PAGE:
Comcast Could Soon Control How Much You Pay to Watch Your Favorite Sports
With Comcast’s plans to purchase 21st Century Fox, the massive merger would result in the cable company having control over the “vast majority” of regional sports networks. This has set off alarms with trade groups who fear this merger will bring too much of American cable networks under one company. With these new sports networks under the Comcast umbrella, it could result in price increases for customers.
These price increases have already happened with Comcast, who uses its ownership of NBC Universal to raise prices for TV watchers who subscribe to other cable companies. Comcast charges other cable operators a fee for access to sports networks owned by Comcast, which is passed onto customers in the form of monthly fee.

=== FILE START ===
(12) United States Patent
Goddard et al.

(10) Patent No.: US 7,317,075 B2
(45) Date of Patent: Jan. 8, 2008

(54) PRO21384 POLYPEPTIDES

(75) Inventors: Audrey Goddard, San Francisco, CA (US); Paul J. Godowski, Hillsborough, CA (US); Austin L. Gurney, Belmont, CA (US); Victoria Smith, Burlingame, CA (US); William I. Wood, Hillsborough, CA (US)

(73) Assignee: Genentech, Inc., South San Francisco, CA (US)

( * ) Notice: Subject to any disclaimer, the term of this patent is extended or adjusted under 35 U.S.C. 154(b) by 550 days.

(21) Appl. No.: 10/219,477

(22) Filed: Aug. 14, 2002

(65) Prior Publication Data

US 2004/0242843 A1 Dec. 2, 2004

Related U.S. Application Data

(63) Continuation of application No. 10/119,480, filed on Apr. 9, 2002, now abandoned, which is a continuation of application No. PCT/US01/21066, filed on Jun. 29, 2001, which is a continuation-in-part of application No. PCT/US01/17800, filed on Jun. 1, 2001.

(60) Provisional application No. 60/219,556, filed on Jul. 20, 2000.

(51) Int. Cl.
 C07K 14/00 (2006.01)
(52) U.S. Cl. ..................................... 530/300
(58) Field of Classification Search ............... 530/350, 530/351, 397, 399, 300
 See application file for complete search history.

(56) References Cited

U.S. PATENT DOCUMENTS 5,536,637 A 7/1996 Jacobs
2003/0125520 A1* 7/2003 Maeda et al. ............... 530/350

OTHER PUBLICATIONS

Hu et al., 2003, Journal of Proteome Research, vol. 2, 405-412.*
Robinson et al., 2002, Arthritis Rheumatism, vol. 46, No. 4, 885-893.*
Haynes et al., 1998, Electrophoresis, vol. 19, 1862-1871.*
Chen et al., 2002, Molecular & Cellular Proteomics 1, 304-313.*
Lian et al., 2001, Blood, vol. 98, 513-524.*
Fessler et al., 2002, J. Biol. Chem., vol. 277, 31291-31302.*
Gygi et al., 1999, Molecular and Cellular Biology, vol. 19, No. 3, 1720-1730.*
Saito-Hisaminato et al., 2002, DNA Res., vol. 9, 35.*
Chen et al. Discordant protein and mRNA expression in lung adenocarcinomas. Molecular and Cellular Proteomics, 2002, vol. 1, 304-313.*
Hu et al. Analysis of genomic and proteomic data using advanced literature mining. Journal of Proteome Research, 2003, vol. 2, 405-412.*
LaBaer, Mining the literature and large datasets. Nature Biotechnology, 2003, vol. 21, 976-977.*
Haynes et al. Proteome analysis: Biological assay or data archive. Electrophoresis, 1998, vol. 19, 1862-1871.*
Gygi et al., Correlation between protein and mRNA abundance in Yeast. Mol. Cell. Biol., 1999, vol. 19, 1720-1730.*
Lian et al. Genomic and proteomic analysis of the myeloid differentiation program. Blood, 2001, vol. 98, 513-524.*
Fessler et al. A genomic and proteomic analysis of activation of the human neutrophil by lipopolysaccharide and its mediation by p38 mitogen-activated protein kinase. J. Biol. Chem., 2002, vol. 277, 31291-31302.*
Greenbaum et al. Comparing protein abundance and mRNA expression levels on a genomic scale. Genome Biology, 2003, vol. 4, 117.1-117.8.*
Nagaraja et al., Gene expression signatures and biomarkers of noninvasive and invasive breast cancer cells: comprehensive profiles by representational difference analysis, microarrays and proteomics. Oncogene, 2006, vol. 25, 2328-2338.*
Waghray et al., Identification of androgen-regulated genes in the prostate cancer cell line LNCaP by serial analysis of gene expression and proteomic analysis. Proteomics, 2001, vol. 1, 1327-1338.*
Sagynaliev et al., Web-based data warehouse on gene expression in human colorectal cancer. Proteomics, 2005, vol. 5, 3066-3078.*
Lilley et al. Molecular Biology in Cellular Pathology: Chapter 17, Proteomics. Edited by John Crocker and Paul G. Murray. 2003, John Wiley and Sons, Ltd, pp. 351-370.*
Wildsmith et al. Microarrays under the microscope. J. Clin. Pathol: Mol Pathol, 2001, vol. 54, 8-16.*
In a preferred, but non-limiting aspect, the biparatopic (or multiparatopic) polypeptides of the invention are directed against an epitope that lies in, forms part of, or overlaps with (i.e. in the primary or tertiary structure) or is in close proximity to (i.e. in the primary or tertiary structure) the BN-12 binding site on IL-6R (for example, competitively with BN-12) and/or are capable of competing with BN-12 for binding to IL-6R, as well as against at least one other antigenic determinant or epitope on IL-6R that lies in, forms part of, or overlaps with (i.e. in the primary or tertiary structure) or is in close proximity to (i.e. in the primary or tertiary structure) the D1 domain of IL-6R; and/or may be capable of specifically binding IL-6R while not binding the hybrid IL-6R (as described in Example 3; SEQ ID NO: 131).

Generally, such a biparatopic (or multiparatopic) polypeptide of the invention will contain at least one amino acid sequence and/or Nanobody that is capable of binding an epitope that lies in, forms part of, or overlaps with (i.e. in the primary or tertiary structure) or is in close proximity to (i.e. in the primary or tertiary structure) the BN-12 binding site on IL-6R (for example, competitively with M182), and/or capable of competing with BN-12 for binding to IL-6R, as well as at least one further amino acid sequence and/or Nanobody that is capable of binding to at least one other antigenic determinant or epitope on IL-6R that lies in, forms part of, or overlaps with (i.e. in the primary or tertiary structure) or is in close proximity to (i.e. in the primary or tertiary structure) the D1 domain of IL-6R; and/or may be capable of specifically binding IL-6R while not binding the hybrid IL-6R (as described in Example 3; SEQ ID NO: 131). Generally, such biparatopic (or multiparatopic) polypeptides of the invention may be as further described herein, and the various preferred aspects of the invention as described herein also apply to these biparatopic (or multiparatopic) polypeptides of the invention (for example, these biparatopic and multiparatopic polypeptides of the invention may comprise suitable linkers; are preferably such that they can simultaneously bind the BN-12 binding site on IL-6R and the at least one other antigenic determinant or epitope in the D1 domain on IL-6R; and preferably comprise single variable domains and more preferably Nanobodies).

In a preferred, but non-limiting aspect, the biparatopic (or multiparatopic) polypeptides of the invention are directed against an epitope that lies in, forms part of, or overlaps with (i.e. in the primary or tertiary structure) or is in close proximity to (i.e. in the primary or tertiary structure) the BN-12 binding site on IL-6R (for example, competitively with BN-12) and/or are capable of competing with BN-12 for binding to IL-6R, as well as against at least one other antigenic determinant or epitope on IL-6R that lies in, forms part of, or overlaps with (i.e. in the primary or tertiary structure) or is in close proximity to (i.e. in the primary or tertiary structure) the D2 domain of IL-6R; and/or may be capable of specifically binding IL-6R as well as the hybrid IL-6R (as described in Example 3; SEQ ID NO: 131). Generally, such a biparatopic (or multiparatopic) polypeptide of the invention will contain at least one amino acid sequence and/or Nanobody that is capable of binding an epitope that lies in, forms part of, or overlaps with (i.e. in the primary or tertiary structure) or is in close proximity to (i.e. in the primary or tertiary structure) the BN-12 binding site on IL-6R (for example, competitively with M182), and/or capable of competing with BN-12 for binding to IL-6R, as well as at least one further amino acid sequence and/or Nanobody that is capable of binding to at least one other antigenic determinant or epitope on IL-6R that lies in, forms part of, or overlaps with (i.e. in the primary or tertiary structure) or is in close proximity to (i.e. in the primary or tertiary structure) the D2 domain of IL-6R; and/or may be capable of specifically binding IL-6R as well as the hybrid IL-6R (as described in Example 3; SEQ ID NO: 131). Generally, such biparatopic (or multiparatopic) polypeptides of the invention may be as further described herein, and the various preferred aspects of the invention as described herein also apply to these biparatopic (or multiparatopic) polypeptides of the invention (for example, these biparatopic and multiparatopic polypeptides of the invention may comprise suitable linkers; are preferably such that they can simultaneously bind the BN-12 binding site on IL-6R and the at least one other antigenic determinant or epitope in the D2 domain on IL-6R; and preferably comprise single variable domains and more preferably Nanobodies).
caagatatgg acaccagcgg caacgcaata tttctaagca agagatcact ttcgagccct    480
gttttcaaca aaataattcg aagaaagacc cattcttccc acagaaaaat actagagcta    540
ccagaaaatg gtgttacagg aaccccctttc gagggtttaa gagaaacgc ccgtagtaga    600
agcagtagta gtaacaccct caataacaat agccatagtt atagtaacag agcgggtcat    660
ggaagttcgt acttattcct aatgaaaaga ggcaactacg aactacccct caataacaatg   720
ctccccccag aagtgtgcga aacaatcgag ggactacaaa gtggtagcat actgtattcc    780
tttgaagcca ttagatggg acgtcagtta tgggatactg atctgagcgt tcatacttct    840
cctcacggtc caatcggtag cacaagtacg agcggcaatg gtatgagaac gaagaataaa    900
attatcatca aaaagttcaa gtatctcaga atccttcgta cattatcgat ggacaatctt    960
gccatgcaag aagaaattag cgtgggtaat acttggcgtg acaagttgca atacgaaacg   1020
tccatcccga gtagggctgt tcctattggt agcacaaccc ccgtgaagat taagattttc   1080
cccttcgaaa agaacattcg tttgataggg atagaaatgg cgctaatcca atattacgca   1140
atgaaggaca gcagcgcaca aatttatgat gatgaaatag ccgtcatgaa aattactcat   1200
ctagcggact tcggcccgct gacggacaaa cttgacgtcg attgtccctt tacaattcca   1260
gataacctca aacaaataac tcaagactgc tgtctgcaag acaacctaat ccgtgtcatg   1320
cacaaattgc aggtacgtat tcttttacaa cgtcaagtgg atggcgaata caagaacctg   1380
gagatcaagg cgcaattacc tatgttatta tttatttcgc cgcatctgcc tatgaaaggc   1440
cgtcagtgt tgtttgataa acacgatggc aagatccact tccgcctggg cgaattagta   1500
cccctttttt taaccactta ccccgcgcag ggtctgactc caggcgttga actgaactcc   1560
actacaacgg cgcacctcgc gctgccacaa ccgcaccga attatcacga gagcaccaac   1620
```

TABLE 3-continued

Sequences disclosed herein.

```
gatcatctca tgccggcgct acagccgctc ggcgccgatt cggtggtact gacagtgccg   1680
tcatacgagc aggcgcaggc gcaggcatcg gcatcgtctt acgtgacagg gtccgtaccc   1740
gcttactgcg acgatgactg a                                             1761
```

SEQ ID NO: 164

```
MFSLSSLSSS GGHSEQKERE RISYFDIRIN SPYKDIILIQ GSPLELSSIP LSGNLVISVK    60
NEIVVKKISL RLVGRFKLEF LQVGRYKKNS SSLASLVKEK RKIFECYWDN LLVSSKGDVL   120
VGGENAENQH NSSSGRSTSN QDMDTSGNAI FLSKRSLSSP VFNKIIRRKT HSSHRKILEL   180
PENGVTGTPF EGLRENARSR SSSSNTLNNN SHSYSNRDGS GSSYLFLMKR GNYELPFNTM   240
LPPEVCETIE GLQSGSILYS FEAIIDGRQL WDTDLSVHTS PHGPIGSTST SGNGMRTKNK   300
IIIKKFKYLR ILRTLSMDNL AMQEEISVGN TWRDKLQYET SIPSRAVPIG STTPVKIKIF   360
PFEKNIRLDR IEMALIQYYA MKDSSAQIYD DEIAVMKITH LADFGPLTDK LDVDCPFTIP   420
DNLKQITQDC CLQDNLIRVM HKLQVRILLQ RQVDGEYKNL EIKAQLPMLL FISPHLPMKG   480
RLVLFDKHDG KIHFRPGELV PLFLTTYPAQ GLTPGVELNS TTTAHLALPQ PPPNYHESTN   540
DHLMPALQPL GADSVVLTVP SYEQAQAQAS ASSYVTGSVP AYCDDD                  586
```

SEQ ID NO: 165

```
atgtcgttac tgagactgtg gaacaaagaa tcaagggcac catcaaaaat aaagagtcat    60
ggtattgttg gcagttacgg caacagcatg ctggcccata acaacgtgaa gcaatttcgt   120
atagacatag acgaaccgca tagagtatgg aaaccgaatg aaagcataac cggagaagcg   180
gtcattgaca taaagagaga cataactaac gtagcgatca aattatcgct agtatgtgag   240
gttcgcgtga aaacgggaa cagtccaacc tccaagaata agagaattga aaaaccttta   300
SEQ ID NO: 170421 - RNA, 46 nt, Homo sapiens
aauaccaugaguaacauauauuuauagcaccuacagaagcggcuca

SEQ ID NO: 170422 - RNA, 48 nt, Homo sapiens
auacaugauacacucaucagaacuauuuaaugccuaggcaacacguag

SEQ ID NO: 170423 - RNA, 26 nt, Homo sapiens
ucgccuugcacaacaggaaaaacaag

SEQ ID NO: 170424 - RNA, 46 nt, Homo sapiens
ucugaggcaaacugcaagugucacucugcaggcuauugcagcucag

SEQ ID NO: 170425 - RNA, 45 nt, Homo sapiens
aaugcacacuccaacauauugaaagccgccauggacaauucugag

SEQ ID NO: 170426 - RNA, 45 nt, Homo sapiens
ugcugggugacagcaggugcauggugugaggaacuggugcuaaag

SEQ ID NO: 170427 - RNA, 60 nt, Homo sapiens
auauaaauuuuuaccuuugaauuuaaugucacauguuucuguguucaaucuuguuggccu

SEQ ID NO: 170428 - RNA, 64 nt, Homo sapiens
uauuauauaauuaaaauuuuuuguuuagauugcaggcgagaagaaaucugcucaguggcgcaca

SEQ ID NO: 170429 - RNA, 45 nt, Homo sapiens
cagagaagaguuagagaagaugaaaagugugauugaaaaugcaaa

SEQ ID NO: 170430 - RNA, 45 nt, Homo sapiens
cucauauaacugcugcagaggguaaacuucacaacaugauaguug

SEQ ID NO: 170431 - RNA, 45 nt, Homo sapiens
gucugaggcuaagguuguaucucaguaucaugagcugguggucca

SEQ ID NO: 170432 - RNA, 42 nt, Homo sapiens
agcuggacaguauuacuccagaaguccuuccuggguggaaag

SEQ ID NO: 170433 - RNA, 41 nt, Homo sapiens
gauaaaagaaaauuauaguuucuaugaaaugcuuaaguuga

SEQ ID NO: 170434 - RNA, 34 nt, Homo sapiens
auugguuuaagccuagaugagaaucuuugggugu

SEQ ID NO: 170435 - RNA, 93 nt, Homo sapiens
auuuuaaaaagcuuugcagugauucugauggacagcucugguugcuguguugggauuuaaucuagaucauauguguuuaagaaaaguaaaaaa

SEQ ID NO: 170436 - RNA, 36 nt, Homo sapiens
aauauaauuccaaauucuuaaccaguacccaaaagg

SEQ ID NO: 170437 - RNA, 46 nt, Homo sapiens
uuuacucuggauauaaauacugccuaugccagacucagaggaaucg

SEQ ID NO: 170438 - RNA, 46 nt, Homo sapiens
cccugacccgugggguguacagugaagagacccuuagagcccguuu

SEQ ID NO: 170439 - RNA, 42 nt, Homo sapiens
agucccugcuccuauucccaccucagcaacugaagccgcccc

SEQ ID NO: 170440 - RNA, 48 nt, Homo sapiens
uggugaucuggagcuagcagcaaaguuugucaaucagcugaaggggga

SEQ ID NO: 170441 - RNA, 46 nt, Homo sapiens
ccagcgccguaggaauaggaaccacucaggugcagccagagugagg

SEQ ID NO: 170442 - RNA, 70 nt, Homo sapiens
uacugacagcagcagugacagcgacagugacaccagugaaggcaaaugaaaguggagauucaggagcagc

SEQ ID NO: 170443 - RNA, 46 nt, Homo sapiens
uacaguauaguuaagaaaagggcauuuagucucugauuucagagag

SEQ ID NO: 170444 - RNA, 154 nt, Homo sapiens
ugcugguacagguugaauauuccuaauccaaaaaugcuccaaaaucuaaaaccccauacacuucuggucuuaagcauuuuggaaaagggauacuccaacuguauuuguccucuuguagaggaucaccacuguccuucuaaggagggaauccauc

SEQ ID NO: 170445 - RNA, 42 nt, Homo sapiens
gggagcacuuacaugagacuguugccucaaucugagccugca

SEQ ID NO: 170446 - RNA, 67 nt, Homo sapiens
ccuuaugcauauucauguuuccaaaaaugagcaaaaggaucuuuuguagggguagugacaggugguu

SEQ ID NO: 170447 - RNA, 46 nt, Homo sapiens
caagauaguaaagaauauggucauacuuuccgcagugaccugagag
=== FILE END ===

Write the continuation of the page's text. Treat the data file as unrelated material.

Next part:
Fox currently owns 22 regional sports networks, while Comcast owns just nine. If Comcast outbids Disney for Fox for the $53+ billion deal, which they plan to do in an all cash offer, they will acquire the rights of 24 out of 29 NBA teams, 15 out of 24 NHL teams, and 20 out of 29 MLB teams. This would also include rights to several MLS and major college sports programs. NFL teams are safe from this deal, as they are broadcast on national networks as opposed to regional networks.
While this would obviously provide a disadvantage to customers, it would result in major profits for Comcast. Recently restrained government conditions imposed on Comcast regarding payment increases expired earlier this year, allowing them to raise prices for consumers who wish to watch their favorite programs. According to the American Cable Association, this will allow Comcast “[to be] able to carry NBCU programming at more favorable rates and terms than it charges rivals, Comcast can also harm its competition to totally dominate the market.”
Comcast provided Ars Technica with a statement saying “The marketplaces for both video distribution and programming content are incredibly competitive, and this potential deal will enhance that intense competition and benefit consumers.” Either way, if the deal goes through, it will most likely face antitrust scrutiny from the Justice Department.